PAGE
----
Camp Martin Travels

These entries will be a combination of historical day trips, graduate level travel courses, and just little stops along the way. I have been teaching 8th grade American History for over 25 years. I am also a Civil War Reenactor and have traveled to Germany and Austria with several groups of exchange students and written about our adventures. Please check all my posts by using the monthly Blog Archive tabs shown below. I have posted over 150 Blog Episodes since 2009... Please explore them all!

Saturday, April 30, 2011

Hessian Prison Camp / Part # 2

 Hessian Prison Camp
Brickerville, Pennsylvania
PART # 2

 Washington at Battle of Princeton
(Painting Credit / Don Troiani)
General George Washington marched his Continentals toward Princeton in hopes of duplicating his recent victory at Trenton.  As dawn approached on January 3, 1777, the Continental Army approached the perimeter of Princeton, New Jersey where British and Hessian troops were stationed.  This time the attack would not be a surprise and most of the fighting would take place at several positions outside of town.  The troops advanced and retreated back and forth trying to out maneuver one another but in the end most of the British would abandon the town.  Washington captured another 300 prisoners of war, additional supplies, and artillery.  In the mean time, British General Lord Cornwallis with the bulk of the British Army had arrived in Trenton and was now on the move toward Princeton.  Washington continued to stay one step ahead of him and quickly moved on into Morristown, New Jersey to a defensible position.  He was accompanied by close to 1,000 prisoners of war captured in the past week from the previous two victories. 

 Hessian Prisoners of War
(Image Credit / National Archives)
Taking prisoners of war was problematic for the Continental army since they had no place to keep them and little food to spare.  America had no large established prison institutions or old ships to transform into prison barges, like the British were using in New York Harbor.  Instead, Washington who was constantly in search of provisions and supplies, bartered the captured Hessian soldiers as forced labor in exchange for needed goods.  One such contact was The Elizabeth Iron Foundry located in the rural village of Brickerville, Pennsylvania who had been manufacturing munitions for the Continental Army.  With few funds at his disposal, Washington offered the Coleman family who owned the foundry 70 Hessian prisoners of war in exchange for cannon balls and other ammunition forged at the iron furnace.  The Coleman family accepted the offer and prepared to receive the men who were forced into unpaid manual labor for the duration of the war.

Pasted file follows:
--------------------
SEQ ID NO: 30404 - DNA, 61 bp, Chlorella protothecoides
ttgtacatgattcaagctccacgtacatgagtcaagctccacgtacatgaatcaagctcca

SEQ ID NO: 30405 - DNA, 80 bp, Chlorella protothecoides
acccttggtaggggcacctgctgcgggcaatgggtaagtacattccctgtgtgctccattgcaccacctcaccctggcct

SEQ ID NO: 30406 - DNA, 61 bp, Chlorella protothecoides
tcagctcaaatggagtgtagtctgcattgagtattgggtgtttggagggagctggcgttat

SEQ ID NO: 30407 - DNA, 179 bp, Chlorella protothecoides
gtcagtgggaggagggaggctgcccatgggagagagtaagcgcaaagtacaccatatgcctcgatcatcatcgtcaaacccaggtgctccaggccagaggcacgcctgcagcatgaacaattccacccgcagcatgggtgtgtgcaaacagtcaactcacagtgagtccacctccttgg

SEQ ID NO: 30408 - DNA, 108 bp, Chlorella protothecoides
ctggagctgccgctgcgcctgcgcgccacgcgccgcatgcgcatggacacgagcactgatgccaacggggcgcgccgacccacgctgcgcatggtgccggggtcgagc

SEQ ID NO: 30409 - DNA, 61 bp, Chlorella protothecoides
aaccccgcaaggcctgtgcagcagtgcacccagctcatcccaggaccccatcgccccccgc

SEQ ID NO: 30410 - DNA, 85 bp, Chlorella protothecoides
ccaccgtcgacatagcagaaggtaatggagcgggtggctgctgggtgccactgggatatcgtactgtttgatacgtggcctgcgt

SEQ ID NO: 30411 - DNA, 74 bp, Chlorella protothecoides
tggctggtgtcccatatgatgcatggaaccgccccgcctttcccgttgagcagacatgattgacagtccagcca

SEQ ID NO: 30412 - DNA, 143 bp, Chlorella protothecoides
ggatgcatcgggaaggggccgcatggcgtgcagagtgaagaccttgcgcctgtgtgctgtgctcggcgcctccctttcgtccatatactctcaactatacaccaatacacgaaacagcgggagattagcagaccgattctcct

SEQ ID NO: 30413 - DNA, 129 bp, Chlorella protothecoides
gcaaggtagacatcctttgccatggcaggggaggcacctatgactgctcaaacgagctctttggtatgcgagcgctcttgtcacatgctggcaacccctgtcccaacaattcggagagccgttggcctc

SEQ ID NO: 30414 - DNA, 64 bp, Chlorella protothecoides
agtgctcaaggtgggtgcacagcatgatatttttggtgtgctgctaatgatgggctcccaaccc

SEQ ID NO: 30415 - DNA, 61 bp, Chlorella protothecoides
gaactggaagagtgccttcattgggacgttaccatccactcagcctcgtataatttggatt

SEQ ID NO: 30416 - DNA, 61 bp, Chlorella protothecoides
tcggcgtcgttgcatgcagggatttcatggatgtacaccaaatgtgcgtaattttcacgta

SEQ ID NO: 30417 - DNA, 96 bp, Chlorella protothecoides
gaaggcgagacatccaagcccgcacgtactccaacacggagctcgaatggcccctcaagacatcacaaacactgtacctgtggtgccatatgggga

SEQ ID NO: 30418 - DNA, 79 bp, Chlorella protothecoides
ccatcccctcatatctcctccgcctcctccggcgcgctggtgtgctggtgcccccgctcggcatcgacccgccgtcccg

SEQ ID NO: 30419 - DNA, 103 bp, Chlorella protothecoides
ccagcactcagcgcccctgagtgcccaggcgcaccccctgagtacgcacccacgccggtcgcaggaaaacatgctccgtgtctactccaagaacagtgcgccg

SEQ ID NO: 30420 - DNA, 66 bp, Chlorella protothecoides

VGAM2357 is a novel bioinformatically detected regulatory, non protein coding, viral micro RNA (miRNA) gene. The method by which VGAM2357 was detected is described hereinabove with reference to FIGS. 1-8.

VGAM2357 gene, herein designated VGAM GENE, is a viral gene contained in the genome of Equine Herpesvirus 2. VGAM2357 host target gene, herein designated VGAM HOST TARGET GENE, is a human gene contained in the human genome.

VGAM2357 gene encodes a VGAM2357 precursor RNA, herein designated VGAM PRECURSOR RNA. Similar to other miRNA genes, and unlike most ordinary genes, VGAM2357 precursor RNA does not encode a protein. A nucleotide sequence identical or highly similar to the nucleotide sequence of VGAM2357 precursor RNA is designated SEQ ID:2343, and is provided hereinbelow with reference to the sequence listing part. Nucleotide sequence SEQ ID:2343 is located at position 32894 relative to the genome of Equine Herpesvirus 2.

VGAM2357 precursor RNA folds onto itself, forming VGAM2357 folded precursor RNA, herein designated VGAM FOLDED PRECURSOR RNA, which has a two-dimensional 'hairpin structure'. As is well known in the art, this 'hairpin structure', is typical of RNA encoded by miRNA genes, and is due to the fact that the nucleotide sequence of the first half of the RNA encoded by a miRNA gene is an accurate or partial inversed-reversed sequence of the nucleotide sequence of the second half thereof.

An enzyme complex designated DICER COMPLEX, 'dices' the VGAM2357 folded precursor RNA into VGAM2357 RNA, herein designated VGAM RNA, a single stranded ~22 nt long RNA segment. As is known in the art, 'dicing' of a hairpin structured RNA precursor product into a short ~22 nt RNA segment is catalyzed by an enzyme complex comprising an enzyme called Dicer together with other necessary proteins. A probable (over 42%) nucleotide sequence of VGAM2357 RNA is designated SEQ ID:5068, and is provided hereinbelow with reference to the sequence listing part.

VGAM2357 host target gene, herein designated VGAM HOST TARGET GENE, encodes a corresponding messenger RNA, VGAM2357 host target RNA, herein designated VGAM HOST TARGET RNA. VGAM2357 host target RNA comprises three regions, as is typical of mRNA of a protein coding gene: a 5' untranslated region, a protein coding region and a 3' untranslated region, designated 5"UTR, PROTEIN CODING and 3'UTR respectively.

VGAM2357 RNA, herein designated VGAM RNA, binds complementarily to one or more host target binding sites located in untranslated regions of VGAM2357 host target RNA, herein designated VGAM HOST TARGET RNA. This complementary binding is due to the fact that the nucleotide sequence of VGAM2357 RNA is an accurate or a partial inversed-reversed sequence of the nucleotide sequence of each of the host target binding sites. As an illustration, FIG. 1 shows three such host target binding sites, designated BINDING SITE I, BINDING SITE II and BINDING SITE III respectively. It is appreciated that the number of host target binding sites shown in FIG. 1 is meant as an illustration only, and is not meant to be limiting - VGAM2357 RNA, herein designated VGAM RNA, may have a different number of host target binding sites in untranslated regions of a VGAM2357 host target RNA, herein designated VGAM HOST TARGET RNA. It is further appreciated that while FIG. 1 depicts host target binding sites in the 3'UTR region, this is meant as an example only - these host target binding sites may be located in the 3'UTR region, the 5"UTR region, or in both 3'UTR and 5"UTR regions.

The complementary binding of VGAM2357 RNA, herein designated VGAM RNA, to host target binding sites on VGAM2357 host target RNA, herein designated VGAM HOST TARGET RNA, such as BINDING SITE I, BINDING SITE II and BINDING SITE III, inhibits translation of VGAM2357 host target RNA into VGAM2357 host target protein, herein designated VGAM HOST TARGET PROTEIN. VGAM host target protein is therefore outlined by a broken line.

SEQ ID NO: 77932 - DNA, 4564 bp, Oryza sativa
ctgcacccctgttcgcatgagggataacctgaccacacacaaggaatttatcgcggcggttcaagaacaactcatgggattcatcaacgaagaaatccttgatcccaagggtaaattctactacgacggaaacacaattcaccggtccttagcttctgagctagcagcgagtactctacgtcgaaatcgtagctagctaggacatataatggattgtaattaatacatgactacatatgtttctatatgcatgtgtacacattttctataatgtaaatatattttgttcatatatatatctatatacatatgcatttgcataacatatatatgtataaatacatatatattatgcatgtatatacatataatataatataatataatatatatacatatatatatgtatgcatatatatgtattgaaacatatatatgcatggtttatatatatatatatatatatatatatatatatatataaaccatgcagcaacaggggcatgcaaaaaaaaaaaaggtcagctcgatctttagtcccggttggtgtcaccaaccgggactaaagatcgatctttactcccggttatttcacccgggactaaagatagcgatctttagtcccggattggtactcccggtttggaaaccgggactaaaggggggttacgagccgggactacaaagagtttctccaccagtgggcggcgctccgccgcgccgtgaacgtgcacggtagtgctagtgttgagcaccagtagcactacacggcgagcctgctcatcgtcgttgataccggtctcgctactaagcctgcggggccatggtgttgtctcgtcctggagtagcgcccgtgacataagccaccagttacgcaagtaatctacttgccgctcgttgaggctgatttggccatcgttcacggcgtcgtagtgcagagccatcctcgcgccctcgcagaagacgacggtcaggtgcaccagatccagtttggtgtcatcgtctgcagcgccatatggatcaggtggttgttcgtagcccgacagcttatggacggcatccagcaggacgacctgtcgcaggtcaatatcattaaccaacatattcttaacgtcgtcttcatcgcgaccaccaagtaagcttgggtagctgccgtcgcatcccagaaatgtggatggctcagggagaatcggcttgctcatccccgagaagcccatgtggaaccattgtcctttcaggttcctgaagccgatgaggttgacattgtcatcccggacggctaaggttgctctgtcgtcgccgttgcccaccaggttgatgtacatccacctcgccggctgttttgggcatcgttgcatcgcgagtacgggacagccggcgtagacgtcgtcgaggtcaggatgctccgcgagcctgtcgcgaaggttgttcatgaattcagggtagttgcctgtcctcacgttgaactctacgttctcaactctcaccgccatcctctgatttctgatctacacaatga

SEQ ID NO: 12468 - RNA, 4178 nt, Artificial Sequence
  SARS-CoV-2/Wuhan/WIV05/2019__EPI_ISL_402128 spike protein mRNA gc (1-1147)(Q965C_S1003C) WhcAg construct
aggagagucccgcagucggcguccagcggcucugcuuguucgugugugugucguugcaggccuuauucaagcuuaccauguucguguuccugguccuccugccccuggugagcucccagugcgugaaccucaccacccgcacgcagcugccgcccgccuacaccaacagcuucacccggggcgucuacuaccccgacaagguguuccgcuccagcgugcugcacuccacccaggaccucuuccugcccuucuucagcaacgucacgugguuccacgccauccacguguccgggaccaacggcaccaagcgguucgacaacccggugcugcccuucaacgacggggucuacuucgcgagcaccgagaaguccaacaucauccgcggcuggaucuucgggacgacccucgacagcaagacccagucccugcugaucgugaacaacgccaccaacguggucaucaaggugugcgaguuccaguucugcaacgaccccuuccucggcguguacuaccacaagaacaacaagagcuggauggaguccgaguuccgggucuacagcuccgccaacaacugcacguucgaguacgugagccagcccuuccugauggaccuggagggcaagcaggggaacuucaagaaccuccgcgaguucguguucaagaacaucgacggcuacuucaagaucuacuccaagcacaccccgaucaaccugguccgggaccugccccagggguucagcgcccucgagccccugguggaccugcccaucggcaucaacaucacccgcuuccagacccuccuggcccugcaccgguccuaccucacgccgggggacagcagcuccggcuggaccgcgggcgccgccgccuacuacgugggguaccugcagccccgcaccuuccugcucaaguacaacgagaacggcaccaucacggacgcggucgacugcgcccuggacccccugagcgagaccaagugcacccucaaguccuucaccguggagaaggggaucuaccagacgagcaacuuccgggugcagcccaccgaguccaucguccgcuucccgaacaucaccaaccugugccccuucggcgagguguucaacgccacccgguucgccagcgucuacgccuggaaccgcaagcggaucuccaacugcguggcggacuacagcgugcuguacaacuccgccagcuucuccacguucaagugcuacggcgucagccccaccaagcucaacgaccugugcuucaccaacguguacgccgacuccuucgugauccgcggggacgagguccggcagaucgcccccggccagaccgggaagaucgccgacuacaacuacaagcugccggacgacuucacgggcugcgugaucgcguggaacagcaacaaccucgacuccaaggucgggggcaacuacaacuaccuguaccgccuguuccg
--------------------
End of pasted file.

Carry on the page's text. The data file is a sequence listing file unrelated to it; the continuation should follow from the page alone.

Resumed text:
Shrouded Remains of a Colonial Home
It was a clear Saturday afternoon in the middle of March and the weather was free of cold rain for a change.  I headed over to meet my friend Donnie Miller and his son Payton for a historical adventure seeking answers to a local mystery.  We entered the woods off of Seglock Road in the Brunnerville area, which is a protected section of the local Pennsylvania State Game Lands.  Donnie told me that this was the best time of year to see the remains of the house since briers, vines, and weeds consumed it during spring, summer, and fall.  We hiked quite a distance; the woods was open and carpeted by the brown discarded leaves of fall; the previous week it was covered with snow.  The woods have the natural capacity to appear beautiful on any random day of the year.  We passed over several bubbling clear streams and penetrated deeper into the quiet woods with young Payton leading the way.  

Front Door / Opposite Side View
After traveling almost a mile, we suddenly came upon a distant chimney rising out of the tangle of wild brush.  Even in the death of late winter, the home was barely visible and you might just walk right past it if you didn't know it was there.  The home was made of red sandstone, a common natural building material of the area.  The walls had partially collapsed in on the interior foundation as wooden support beams failed over time.  The house was abandoned at some point and probably stayed intact as long as the roof continued to keep moisture and mother nature outside.  When the roof began to leak a slow death ensued and painfully continues to this day.  Small trees were beginning to rise up through the floor putting the foundation and remaining walls in jeopardy.  It is amazing to see the determination of nature to reclaim what man has abandoned.     

View of Corner Chimney